→ The outside of his concrete cubic framework with shiny trecherous surfaces realised by the medium of reflective aluminum plates. In choosing cubes and insisting that the reinforced concrete structure have the same dimensions throughout and the beams and columns the same section, Isozaki ignored gravity.

…an abstract neoplatonic system that is unconnected with the demands of gravity pure shapes like the cube thus imply a gravity-free environment such as outer space where materials have no weight. The suggestion of weightlessness was strengthened by covering the surface of the building and hiding the structure of columns and beams under a taut skin of 2 mm thick aluminum panels, composed of identical square units. This uniform square grid is expressed unlimited extension in opposition to the cubic frame whose role was to delimit the museum.

Buildings are of course made from heavy materials such as concrete, steel and glass, and are therefore subject to a much greater extent than painting and sculpture to the pull of gravity. Engineers have developed optimal sections, beams that are deeper than they are wide to resist bending moments, columns that are square or round to resist the different types of compression loads, and frames designed to make the most economic use of material.

→ The museums cubic thesis had it roots in the earlier Oita Prefectural library and nakayama house of 1964 and it recently resurfaced in the New oita prefectural library(1994). Subsequent designs have elaborated parts of the original gunma museum scheme giving prominence to some aspects at the expense of others. Thus the quickest and most thorough introduction to Isozaki's architecture is a visit to the Gunma museum.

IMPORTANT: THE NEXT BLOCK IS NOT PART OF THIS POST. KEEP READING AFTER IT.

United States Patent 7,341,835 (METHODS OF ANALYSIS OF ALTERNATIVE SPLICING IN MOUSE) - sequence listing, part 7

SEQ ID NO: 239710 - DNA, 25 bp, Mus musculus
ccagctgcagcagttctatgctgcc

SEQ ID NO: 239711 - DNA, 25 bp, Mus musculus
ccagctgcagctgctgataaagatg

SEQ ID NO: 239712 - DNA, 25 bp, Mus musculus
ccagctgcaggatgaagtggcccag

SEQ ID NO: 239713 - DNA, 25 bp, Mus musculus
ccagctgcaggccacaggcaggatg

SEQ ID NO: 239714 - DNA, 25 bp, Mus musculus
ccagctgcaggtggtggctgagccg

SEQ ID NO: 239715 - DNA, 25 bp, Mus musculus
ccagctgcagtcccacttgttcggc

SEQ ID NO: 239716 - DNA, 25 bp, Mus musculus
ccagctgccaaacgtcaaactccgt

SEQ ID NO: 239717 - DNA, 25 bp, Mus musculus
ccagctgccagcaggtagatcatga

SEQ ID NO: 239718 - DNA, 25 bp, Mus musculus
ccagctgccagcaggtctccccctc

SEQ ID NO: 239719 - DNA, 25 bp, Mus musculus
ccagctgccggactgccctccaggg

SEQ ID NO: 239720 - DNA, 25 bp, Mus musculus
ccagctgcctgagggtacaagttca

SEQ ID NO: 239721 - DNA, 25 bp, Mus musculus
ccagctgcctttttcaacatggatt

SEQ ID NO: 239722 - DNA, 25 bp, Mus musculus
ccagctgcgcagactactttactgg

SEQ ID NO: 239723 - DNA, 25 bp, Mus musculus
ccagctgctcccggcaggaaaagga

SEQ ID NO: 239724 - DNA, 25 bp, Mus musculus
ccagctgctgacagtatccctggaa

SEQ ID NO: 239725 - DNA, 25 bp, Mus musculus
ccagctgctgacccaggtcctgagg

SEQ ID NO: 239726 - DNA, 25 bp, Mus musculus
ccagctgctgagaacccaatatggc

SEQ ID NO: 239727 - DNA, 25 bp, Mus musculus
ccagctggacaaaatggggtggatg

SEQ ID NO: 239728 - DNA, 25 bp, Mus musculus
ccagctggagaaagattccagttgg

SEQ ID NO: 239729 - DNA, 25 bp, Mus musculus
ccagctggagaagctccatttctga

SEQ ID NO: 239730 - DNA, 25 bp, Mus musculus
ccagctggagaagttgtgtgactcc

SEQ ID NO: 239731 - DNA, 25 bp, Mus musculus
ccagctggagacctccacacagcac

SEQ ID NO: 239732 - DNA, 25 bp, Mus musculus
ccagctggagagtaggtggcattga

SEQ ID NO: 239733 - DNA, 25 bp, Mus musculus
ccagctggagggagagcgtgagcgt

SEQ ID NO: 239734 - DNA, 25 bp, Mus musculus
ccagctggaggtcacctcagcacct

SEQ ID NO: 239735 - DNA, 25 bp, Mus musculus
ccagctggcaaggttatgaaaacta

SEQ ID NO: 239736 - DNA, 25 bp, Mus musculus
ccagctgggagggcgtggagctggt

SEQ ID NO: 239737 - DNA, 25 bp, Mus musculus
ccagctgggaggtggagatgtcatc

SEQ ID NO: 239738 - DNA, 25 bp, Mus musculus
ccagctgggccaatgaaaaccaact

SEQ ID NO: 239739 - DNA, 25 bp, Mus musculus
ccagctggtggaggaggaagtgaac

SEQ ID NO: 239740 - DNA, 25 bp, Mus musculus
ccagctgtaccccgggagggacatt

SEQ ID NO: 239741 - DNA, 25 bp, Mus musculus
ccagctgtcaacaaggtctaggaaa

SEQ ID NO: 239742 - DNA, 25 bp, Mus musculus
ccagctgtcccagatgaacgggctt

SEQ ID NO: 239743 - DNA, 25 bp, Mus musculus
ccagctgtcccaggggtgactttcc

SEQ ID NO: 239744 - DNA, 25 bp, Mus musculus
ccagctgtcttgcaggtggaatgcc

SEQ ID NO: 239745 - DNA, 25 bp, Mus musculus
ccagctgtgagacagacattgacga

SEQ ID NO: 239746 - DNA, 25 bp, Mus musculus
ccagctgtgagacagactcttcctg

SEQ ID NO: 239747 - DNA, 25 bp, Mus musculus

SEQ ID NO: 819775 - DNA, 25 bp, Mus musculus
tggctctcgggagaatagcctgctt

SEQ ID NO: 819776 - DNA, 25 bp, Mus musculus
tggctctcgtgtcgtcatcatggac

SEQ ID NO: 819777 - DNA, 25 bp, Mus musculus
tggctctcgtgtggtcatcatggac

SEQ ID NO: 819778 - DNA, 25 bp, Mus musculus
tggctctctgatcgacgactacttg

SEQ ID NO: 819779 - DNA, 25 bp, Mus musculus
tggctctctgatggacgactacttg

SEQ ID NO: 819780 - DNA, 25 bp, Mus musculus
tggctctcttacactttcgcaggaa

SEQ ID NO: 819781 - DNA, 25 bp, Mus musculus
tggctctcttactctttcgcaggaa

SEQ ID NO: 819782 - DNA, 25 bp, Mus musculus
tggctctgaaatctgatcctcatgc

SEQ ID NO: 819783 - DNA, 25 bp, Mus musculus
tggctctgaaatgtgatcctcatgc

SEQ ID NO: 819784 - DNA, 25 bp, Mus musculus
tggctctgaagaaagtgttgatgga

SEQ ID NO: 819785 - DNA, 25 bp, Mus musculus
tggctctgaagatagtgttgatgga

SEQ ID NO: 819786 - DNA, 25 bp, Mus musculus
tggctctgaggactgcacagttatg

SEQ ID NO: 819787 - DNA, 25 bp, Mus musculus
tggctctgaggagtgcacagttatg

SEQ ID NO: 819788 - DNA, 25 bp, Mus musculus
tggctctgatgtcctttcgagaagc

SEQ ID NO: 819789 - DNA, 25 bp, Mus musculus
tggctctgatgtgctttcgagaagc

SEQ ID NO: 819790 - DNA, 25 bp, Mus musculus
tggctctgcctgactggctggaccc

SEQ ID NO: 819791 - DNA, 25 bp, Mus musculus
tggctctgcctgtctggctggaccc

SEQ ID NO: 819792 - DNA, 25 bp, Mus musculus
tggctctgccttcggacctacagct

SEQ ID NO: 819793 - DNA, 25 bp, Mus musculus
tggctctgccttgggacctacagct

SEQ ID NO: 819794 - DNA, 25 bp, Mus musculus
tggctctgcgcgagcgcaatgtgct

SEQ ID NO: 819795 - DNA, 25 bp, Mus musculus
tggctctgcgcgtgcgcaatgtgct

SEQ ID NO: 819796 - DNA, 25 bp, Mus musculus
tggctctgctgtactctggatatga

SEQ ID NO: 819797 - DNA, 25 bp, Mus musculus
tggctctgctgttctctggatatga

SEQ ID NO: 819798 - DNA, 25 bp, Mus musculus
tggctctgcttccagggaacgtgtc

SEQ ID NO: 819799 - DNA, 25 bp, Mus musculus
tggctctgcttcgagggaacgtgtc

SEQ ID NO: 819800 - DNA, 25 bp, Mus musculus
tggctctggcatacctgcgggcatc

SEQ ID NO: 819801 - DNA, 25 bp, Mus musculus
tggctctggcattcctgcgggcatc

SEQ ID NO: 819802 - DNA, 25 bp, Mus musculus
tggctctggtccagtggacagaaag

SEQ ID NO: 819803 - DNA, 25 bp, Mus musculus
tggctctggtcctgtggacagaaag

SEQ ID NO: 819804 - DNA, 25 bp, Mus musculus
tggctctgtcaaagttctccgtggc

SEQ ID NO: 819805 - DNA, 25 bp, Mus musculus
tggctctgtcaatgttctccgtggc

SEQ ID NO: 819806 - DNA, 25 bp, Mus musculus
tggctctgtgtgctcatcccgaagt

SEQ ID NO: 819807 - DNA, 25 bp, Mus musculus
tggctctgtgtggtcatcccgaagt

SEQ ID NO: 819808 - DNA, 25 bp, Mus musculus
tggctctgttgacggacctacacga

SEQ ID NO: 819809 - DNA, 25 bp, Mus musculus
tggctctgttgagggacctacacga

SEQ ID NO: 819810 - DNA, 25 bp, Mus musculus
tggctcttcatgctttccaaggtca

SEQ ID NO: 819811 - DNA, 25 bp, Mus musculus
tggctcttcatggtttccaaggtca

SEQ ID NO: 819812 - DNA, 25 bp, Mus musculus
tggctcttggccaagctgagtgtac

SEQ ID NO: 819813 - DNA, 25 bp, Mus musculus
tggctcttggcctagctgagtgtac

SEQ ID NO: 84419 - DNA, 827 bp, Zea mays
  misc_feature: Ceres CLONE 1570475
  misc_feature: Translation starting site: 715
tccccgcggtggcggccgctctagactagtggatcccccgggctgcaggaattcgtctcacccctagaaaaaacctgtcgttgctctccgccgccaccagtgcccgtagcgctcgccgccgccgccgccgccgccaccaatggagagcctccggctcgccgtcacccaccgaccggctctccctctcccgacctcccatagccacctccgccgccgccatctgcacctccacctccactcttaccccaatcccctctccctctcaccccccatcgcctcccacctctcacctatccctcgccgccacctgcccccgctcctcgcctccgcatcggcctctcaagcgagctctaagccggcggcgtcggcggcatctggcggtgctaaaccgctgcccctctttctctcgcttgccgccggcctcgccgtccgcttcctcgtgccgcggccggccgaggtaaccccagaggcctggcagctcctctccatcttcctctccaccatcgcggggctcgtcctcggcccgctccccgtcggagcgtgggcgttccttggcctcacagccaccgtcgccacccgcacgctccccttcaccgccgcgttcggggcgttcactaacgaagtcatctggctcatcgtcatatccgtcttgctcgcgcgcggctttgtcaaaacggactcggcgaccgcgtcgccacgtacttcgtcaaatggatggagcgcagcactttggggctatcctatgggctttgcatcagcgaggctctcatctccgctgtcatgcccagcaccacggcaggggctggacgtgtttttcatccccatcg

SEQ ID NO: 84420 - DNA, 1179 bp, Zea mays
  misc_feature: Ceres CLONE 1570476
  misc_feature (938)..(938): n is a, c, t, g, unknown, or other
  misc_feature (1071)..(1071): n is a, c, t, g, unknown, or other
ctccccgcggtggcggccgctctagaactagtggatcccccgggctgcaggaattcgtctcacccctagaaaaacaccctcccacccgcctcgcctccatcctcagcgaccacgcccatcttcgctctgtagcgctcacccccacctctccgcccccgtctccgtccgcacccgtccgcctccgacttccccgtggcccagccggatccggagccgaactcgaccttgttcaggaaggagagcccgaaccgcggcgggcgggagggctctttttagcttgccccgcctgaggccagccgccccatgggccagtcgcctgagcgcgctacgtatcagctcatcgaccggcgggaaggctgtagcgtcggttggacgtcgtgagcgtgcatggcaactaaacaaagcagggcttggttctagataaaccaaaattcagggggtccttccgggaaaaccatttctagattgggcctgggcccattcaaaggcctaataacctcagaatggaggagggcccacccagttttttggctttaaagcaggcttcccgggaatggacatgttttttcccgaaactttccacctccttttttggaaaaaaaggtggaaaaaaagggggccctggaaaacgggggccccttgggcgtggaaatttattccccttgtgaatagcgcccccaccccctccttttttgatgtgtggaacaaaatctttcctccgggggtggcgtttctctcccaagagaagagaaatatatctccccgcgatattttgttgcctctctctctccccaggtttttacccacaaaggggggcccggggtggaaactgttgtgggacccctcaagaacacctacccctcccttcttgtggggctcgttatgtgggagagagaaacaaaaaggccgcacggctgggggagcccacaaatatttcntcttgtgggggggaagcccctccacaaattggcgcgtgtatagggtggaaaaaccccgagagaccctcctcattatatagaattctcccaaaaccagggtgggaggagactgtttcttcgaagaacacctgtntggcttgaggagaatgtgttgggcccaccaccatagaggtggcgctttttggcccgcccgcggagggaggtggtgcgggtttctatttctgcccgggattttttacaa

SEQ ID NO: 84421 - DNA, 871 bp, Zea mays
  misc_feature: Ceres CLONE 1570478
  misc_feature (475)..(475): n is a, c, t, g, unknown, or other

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The Gunma Museum is not symmetrical, but it looks as though it should be. It is incomplete as it stands. From left to right it consists of four parts, two of which are identical A, B, C: . To complete the bilateral symmetry all that is needed is to add two more parts, A, B, C:C, and (B, A) to it. Mentally, we are prompted to supply the mirror or flip image. The presence of ‘C’ – an identical row of cubes on the right side, balancing the left side of the symmetry axis, strengthens the presumption of bilateral symmetry.

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Isozaki violated its implied bilateral symmetry and this induces an air of instability. Symmetry signifies well-proportioned, well-balanced, and it denotes a concordance of the several parts. Beauty is usually associated with symmetry and the appreciation of pattern. This was ignored with the addition of a cube to the main entrance façade.

Instead of completing the bilaterally symmetry Isozaki broke it. There were strictly practical reasons for this – the most obvious was the proximity of Masato Otaka’s 1979 Gunma Prefactural Museum of History 15 m away.

Page 20The auditorium is located on the first floor opposite the main stair. The main stair is enclosed on two sides by walls faced in reflecting marble in between which is an unpolished central strip of unreflective stone that is slightly narrower than the stair. The stair rises through the gap between two rows of 12 m cubes sandwiched between the entrance hall and administration that ploughs its way though the museum. The width of the stair is difficult to estimate because it is reflected in the polished marble walls on either side, giving the illusion that it extends infinitely.

* Exterior Design

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On the outside, the Museum of Modern Art was stripped back so that little else remained besides the grid and sleek mirror-like sheath of square aluminum panels. The erasure of anything which might add meaning was deliberate. Although the museum is intentionally neutral and its structure assimilated within the tease aluminum skin, it is not passive- rather, it urges us to question what is the nature of architecture by forcing architecture on this occasion to interrogate itself.